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Enriched Classics offer readers accessible editions of great works of literature enhanced by helpful notes and commentary. Each book includes educational tools alongside the text, enabling students and readers alike to gain a deeper and more developed understanding of the writer and their work.

It is a truth universally acknowledged, that a single man in possession of a good fortune, must be in want of a wife.

The first sentence of Jane Austen’s Pride and Prejudice is among the most quoted in literature, and sets up the humorous and ultimately timeless tale of proper English society, unspoken intentions, and true love acquired. Pride and Prejudice is a classic that adeptly traces the intricacies of social status, manners, and relationship rituals in nineteenth-century England, through which all the love between Elizabeth Bennet and Mr. Darcy eventually blossoms.

Enriched Classics enhance your engagement by introducing and explaining the historical and cultural significance of the work, the author’s personal history, and what impact this book had on subsequent scholarship. Each book includes discussion questions that help clarify and reinforce major themes and reading recommendations for further research.

Read with confidence.

Topics: England, Regency Era, Romantic, Witty, Domestic, Love, Marriage, Family, Made into a Movie, Love Story, Feminism, Social Class, Comedy of Manners, Female Protagonist, Third Person Narration, 19th Century, Female Author, and British Author

Published: Pocket Books on
ISBN: 9781416503040
List price: $4.95
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Jane Austen once wrote that Anne Elliott, the heroine of her final novel, Persuasion, was "too good for me," and I cannot help but echo her sentiments. A woman of great good sense, utterly lacking in snobbery or pretension (despite her father's "elevated" status as a baronet), Anne seems to possess an almost flawless self-control, that, when paired with her self-sacrificing attention to the needs of others, and patient endurance of the many slights she receives at the hands of her unworthy family, makes me want to shake her...Her one flaw, which arises from her virtues, and which forms the crux of this astute examination of love lost and then found again, is that she is too easily persuaded. Having been convinced some years before to sacrifice her attachment to the man she loved, Anne finds herself confronted - at the ripe old age of twenty-seven! - with her spurned love, and with the consequences of her choice.I enjoyed Persuasion immensely, and was not at all surprised to discover that it was Austen's final novel, written as she was slipping into the illness which would cause her death. Not as bright as some of her other work, it still has that pointed Austen wit, which, when combined with more mature themes, makes for a deeply satisfying read.more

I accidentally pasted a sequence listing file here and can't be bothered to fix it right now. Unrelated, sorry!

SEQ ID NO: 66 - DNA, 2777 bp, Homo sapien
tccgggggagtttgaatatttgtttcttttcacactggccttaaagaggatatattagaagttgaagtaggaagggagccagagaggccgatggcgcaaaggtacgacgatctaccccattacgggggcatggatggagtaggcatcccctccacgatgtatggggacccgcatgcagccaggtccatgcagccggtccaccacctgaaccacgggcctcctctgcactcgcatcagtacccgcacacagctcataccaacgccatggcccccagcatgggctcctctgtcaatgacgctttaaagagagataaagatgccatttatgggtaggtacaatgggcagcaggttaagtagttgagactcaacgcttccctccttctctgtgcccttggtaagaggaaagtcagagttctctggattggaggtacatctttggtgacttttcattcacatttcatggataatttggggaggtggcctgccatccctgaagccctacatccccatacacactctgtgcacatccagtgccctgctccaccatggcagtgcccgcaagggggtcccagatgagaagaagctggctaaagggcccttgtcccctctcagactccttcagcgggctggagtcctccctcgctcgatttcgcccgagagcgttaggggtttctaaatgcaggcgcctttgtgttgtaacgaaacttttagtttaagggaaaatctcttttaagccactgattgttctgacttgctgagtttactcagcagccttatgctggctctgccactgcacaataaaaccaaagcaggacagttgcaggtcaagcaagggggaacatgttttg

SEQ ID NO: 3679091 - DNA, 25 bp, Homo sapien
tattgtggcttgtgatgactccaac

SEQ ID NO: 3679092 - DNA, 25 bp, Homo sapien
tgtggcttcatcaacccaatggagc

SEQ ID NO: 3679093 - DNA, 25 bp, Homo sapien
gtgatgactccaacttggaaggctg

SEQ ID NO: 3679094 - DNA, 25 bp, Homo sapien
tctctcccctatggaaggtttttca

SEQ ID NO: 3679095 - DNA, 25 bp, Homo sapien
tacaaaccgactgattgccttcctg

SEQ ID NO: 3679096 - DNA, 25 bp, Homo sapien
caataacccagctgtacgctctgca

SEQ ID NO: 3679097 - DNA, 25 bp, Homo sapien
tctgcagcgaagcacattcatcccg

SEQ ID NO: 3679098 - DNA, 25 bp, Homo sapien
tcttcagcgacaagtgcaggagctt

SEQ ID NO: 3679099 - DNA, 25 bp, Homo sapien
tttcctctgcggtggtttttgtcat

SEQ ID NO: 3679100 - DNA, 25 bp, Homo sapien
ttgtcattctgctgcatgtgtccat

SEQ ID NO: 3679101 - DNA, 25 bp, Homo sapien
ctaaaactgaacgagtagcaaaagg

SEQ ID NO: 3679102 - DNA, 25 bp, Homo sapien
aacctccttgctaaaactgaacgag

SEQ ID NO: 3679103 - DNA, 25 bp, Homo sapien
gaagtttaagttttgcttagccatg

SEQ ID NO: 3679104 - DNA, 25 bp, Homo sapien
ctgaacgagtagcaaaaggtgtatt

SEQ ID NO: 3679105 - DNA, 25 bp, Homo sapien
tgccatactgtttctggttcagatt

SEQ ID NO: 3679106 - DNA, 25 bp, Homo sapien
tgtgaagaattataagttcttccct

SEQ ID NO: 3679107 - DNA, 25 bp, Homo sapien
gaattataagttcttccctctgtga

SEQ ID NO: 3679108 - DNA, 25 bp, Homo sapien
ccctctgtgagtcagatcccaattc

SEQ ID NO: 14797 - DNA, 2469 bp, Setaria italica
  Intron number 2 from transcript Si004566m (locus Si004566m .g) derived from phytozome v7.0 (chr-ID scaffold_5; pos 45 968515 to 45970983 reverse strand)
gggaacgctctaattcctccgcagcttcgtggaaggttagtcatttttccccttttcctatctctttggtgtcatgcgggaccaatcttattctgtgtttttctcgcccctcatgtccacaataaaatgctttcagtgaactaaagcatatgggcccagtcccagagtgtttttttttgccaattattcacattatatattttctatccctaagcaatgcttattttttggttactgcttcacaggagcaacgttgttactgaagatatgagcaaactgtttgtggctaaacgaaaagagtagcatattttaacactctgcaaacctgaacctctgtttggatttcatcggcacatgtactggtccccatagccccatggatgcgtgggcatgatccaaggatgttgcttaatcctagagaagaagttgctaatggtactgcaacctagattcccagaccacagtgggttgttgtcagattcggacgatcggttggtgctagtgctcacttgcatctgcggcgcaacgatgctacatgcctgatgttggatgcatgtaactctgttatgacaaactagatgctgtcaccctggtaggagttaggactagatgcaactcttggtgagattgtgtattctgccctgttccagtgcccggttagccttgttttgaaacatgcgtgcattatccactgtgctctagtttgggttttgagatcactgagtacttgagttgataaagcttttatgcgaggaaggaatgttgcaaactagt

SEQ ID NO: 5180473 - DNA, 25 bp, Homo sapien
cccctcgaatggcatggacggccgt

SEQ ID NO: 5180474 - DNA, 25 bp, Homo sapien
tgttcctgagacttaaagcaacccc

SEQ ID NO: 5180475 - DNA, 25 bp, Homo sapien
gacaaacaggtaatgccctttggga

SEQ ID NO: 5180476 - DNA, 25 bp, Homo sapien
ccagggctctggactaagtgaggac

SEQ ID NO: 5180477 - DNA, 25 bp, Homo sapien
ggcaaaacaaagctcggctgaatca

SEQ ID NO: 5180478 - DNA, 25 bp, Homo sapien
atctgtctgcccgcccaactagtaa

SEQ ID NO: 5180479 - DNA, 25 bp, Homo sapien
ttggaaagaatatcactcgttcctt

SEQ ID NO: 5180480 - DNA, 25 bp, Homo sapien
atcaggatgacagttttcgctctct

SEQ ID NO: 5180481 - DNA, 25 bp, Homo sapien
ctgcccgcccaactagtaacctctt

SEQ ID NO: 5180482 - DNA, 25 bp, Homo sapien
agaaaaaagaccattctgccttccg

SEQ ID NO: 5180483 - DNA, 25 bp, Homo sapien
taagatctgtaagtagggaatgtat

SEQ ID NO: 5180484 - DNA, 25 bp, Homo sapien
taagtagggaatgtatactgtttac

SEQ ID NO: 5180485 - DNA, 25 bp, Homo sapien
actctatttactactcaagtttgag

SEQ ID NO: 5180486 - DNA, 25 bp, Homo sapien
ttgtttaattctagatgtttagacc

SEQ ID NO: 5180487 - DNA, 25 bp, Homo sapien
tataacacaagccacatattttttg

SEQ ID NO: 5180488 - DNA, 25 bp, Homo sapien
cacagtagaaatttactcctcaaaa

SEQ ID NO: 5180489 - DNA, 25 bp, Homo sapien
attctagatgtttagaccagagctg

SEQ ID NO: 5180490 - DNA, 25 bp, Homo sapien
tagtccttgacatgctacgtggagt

Great girl meets boy read. I recommend to anyone over my age (12)! It's brilliant and I think it truly shows how amazing Jane Austen really is!more
Austen is funniest when she’s dealing with social snobs, and this novel starts out that way. But the heroine is the daughter of the snob in question, and she is a modest and sensible young lady. Her main fault is that she’s been too easily persuaded to turn her back on the man she really loves. This novel brings her back to him. It’s a perfect antidote after you've read anything depressing.more
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Reviews

always wanted to read more